"Ratepayers deserve better service than this" said a councillor who claims the pothole reporting system used by Shropshire Council is "inefficient and ineffective".

Clun councillor Nigel Hartin said residents "shouldn't have to wait for someone's car to be damaged for a repair to be done".

His comments follow a recent incident involving his son who had hit a large pothole on the B4368 near Craven Arms which blew his tyre.

"It was 7am and still dark and the water-filled pothole couldn't be seen. I went with my son to take some photos of the hole and reported it to Shropshire Highways. After a further exchange of emails, it was logged as an 'emergency repair' and was done by the Council's contractors Keir.

"However, I checked on the repair and again complained to senior officers as it was just a useless dump of tarmac into half the pothole! Finally after much chasing from me on it was repaired 11th February."

Cllr Hartin said his son, who works at the Royal Shrewsbury Hospital has since claimed £152 in recovery and repair costs from the council.

"I urge anyone who has suffered damage to do likewise. Ratepayers deserve better service than this. We shouldn't have to wait for someone's car to be damaged for a repair to be done."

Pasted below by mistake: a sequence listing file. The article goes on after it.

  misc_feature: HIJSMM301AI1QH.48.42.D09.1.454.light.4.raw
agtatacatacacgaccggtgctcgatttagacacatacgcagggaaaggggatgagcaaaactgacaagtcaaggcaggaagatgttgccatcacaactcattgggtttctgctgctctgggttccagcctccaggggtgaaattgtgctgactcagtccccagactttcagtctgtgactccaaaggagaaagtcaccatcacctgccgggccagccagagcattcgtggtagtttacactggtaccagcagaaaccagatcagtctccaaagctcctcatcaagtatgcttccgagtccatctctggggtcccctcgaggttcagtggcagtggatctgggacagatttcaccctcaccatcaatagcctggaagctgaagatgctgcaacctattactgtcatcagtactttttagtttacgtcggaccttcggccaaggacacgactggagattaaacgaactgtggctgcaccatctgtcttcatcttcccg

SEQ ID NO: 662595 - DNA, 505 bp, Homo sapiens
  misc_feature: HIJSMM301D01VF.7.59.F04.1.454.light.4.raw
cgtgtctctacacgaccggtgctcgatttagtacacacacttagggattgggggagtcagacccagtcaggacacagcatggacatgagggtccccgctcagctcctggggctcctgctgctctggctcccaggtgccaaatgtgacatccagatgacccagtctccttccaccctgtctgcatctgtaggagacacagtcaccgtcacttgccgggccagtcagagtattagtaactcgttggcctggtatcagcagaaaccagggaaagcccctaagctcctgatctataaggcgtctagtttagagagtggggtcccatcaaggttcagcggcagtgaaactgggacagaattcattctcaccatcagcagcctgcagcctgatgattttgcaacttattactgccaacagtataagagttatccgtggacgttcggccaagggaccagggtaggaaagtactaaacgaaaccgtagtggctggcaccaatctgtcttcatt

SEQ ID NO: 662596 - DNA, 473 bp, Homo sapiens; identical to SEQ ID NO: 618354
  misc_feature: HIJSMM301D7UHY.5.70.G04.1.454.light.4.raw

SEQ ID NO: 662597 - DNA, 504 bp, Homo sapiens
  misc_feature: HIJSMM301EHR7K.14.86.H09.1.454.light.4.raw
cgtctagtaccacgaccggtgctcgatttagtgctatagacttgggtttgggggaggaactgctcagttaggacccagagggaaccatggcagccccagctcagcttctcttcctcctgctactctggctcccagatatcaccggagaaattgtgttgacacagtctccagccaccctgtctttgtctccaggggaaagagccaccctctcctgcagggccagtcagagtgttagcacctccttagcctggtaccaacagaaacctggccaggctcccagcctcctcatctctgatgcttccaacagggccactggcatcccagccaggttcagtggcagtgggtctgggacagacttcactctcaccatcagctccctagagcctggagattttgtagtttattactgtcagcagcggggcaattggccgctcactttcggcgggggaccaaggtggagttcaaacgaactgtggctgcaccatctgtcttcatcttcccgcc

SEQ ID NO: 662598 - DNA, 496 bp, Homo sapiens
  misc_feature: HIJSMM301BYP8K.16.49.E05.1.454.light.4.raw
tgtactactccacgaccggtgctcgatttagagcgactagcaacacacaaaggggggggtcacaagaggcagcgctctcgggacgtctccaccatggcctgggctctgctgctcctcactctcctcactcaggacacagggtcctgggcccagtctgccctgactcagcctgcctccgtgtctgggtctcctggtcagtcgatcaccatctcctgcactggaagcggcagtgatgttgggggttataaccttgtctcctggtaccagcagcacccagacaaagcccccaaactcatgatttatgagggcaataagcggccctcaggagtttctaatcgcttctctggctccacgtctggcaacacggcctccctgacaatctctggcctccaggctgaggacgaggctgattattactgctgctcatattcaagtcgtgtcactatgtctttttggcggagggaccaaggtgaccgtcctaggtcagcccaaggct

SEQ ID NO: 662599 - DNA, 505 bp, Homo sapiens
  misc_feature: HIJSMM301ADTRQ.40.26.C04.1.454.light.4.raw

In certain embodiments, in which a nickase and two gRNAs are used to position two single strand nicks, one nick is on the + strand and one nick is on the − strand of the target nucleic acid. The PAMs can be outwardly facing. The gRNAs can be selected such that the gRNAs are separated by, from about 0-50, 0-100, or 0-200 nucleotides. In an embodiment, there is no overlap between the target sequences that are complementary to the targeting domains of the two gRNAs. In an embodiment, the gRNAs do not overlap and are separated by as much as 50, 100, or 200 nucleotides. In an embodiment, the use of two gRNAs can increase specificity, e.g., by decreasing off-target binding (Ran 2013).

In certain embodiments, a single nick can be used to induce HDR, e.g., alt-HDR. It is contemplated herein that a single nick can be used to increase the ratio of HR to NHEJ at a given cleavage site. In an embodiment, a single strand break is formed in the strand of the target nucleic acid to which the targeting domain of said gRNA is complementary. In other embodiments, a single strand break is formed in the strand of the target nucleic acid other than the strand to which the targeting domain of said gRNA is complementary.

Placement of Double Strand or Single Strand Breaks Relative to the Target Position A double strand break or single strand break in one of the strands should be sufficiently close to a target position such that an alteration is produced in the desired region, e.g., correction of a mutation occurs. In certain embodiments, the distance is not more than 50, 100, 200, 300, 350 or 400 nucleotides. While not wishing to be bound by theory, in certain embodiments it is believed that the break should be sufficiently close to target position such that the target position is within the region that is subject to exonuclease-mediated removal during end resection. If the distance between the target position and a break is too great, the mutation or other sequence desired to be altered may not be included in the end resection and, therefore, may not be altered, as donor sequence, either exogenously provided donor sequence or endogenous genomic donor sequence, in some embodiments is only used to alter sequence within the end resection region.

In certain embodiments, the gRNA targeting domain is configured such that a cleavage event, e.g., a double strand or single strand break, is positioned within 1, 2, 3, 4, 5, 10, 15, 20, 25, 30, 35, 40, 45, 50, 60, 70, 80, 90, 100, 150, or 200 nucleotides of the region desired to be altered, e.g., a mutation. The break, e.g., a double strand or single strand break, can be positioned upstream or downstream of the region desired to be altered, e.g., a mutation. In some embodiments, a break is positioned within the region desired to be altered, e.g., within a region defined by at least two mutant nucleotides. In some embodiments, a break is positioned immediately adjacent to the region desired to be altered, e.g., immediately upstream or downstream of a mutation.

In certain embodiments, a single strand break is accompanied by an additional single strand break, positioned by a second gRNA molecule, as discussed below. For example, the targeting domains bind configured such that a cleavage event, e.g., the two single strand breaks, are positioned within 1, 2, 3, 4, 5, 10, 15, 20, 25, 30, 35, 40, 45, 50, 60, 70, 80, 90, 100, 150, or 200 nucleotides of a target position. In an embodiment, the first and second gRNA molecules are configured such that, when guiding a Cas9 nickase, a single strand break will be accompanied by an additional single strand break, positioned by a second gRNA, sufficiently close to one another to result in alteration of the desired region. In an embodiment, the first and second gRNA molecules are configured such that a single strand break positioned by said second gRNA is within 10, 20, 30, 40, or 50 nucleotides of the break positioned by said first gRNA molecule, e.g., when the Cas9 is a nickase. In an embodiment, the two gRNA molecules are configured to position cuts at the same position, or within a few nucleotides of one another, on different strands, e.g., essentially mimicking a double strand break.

A number of concerns have been raised recently about the number of potholes on – and the condition of – many of the county’s roads.

Last week. Steve Davenport, Shropshire Council’s Cabinet member for highways and transport, said: “I share people’s frustration about the condition of some of our roads. I’m a driver and a cyclist so I know from personal experience that many of our roads are in a poor condition as a result of the cold, wet winter weather but I’m determined to sort things as soon as we can.

“Our highways officers are busy working with our contractor Kier to treat the exceptionally high number of potholes that have appeared recently. This time of year is always challenging, but we have also experienced more flooding and have had the coldest January in 10 years.

“It’s a really challenging job but we’re aware of the problems, we’re out there, and we ask people to bear with us. But people can still help us by reporting any potholes that they come across so that we make sure that they’re treated."